Hopefully a plethora of differing theories will arise about the best weight to pick for this event over the coming months. Personally though I’m looking at it as a continuous fifteen rep max with a time cap. The time frame is just too short for any more reps, as in reality there are very few people who could maintain a pace faster than two seconds per dead stop rep regardless of weight. My advice for all three of these events is to use fractional plates wherever possible as there will likely be a lot of people getting roughly fifteen reps at each standard weight. So if your gym has fractional plates, put your ego to one side and throw them on the bar, that extra kilo adds up over 15 reps.       

The Log – Three rep max shoulder to overhead

This event I really like: beautifully simple and a near perfect test of pressing power. Clean the log from the floor to your shoulders once, and then any way you please get the weight from yours shoulders to locked out overhead three times. This can be a push press, a jerk, or a strict press if you are feeling strong. Really there are no special tactics or tricks, just go as heavy as you can and try to get all three reps.

The Farmers – Max weight for 100ft (No drops)

While the other two qualifier events are relatively standard practice, this one is a little outside the box. Basically it’s a max weight farmer’s walk for 100ft with a turn at the halfway point, heaviest weight wins, with time to be used to separate tie breakers. It gets complicated though at that halfway point, as only one foot has to ‘break’ the line at the other end, making a big part of this event just negotiating that turn.

If you have little or no experience at taking turns with farmer’s walks, it’s something I would recommend spending a lot of time practicing, as that awkward turn will catch a lot of folks out. We gave this a go this week, and that turn really is the game changer. After a couple of attempts the technique that seemed to work the best was to go into the corner slow and wide, then not speed up until the handles have settled again.

As weight is the key factor here I’d almost entirely ignore the time element of this event and focus solely on going as heavy as you can (slap the fractional plates on, too). If you have access to multiple farmers then you might want to select the shortest handles you have as the longer they are the harder that turn is going to be.

There you have it: the three events that you need to master to make it to World’s Strongest Man.    

Editors note: This article is an op-ed. The views expressed herein and in the video are the authors and don’t necessarily reflect the views of BarBend. Claims, assertions, opinions, and quotes have been sourced exclusively by the author.

The post Official Strongman Announces New Online Qualifier (and Path to World’s Strongest Man) appeared first on BarBend.

3 Benefits of Toes to Bar

Sunday, July 9, 2017

What CrossFitters Can Learn from Bodybuilding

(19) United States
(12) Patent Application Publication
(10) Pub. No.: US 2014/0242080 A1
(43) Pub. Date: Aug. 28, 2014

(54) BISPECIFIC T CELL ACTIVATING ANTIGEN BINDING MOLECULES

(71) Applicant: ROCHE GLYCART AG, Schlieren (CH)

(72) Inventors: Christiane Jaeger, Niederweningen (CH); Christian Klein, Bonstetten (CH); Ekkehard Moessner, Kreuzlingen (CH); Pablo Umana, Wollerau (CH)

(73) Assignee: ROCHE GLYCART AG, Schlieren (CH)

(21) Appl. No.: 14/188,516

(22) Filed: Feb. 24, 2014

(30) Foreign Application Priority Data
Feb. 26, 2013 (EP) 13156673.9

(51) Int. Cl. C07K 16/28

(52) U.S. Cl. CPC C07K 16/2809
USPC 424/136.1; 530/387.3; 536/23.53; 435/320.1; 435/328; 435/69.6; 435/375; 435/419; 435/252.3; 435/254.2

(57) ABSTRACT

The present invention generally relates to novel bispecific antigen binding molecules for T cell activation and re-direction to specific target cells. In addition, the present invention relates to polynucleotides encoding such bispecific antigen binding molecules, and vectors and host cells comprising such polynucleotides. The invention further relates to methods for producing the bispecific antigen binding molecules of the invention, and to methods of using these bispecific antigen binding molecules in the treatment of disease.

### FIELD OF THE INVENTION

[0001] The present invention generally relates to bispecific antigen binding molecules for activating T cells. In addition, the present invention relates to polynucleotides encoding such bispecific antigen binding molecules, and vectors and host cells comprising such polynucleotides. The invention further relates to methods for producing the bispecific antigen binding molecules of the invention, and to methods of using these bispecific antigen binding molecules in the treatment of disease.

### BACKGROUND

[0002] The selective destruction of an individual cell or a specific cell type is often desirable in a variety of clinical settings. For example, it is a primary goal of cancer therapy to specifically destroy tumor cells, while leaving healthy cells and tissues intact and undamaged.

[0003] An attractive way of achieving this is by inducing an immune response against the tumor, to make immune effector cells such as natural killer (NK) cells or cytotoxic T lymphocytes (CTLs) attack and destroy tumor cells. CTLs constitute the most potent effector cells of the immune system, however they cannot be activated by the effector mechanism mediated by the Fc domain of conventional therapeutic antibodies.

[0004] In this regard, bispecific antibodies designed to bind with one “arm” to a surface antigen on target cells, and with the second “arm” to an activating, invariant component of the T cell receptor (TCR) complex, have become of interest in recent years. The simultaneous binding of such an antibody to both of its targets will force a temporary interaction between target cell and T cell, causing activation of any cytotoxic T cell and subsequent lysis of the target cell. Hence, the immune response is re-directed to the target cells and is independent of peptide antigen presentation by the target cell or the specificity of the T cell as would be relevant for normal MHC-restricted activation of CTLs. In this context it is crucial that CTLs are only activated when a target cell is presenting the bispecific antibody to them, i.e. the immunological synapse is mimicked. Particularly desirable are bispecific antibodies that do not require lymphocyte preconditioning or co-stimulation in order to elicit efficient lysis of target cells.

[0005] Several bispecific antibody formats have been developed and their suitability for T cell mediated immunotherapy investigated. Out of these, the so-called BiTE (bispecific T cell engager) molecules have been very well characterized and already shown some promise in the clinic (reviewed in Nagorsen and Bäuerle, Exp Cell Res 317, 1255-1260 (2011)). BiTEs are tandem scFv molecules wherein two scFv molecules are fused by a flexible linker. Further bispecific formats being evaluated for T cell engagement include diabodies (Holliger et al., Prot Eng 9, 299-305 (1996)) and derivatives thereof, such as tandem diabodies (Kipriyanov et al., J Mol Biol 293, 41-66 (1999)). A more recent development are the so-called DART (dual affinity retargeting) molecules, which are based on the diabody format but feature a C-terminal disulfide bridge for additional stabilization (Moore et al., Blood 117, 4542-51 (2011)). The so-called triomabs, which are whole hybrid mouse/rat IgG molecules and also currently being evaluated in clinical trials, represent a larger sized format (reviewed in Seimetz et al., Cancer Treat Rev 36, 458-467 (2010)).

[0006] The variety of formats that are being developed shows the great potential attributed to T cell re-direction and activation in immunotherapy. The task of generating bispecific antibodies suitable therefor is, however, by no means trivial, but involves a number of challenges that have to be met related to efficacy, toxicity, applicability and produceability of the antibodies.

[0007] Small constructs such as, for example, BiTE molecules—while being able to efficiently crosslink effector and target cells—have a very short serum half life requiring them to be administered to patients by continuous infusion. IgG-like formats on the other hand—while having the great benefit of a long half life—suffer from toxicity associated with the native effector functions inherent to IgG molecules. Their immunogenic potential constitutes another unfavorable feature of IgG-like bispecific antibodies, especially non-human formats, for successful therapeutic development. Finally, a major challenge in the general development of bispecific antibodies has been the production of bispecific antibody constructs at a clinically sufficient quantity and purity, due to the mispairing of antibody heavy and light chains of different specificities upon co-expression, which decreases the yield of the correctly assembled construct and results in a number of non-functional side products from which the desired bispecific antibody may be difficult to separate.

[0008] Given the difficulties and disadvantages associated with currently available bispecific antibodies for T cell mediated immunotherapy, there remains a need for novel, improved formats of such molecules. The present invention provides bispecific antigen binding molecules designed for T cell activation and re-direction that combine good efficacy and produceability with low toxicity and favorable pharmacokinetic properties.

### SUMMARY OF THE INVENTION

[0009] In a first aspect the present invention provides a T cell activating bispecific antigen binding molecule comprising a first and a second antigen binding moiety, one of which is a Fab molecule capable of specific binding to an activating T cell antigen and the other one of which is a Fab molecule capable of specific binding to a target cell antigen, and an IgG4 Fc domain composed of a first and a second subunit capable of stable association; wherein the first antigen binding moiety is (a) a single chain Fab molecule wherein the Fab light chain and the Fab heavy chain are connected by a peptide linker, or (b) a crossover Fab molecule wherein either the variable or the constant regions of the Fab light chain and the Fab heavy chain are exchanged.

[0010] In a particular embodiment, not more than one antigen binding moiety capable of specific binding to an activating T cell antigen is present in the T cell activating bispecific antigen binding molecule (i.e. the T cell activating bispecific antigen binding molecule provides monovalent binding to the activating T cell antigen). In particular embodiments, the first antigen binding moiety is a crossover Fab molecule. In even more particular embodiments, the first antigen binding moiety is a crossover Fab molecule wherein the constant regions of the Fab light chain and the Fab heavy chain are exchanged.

I like to do silly things. If you read my article on attempting to run 100 miles in 24 hours with nothing but strength training behind me, then this statement won’t surprise you. While that particular endeavor was a glorious failure in the sense that I came up short by 38 miles, I learned so much about how my body works in those 24 hours that has since made me a better ‘athlete’ today. So when my training partner told me that he was going to get in shape for a bodybuilding show by sticking almost entirely to CrossFit® training, I was interested enough to follow him around with a camera and track his progression.

CrossFit Kroy’s Head Coach, Ricky T, before and after  

Honestly I expected Ricky’s attempt to go about as well as my run, but I was wrong. Eight weeks out from the competition, Rick had lost 10kgs, looked more muscular, was moving better, and was actually a little bit stronger. Which I suppose shouldn’t be surprising given that in recent years CrossFit has become a bit of a go to for the average guy or girl on the street who wants to lose a little fat and gain a little muscle. And for good reason, too: big compound movements, hard work, and good diet is a potent combination that works. It was working wonders for people long before it was neatly packaged and trademarked, back then though it was just thought of as lifting and conditioning.

In those early days, bodybuilders and strength athletes were for the most part one and the same, with many bodybuilding shows being split into two parts, the first being the typical posing routine and the second a strength element typically a weightlifting competition. As such the strong had to look good and the jacked had to be strong.    

And whether we admit it or not that’s what most of us want, to not only be strong and athletic but to look as well. With that in mind there are a few things strength and functional fitness athletes can learn from the bodybuilding world.

Lesson One – Are you as lean as you think?

One of the great things about bodybuilding is that it forces you to honestly assess the state of your body. When you get on that stage you can’t hide behind flattering clothes, good lighting, or that filter that makes you look jacked; you’re laid bare. In prep for his competition the first thing Ricky did was strip down and take a load of relaxed photos in neutral lighting (outside) to give him an honest starting point. The results were as expected; he was softer than he’d thought.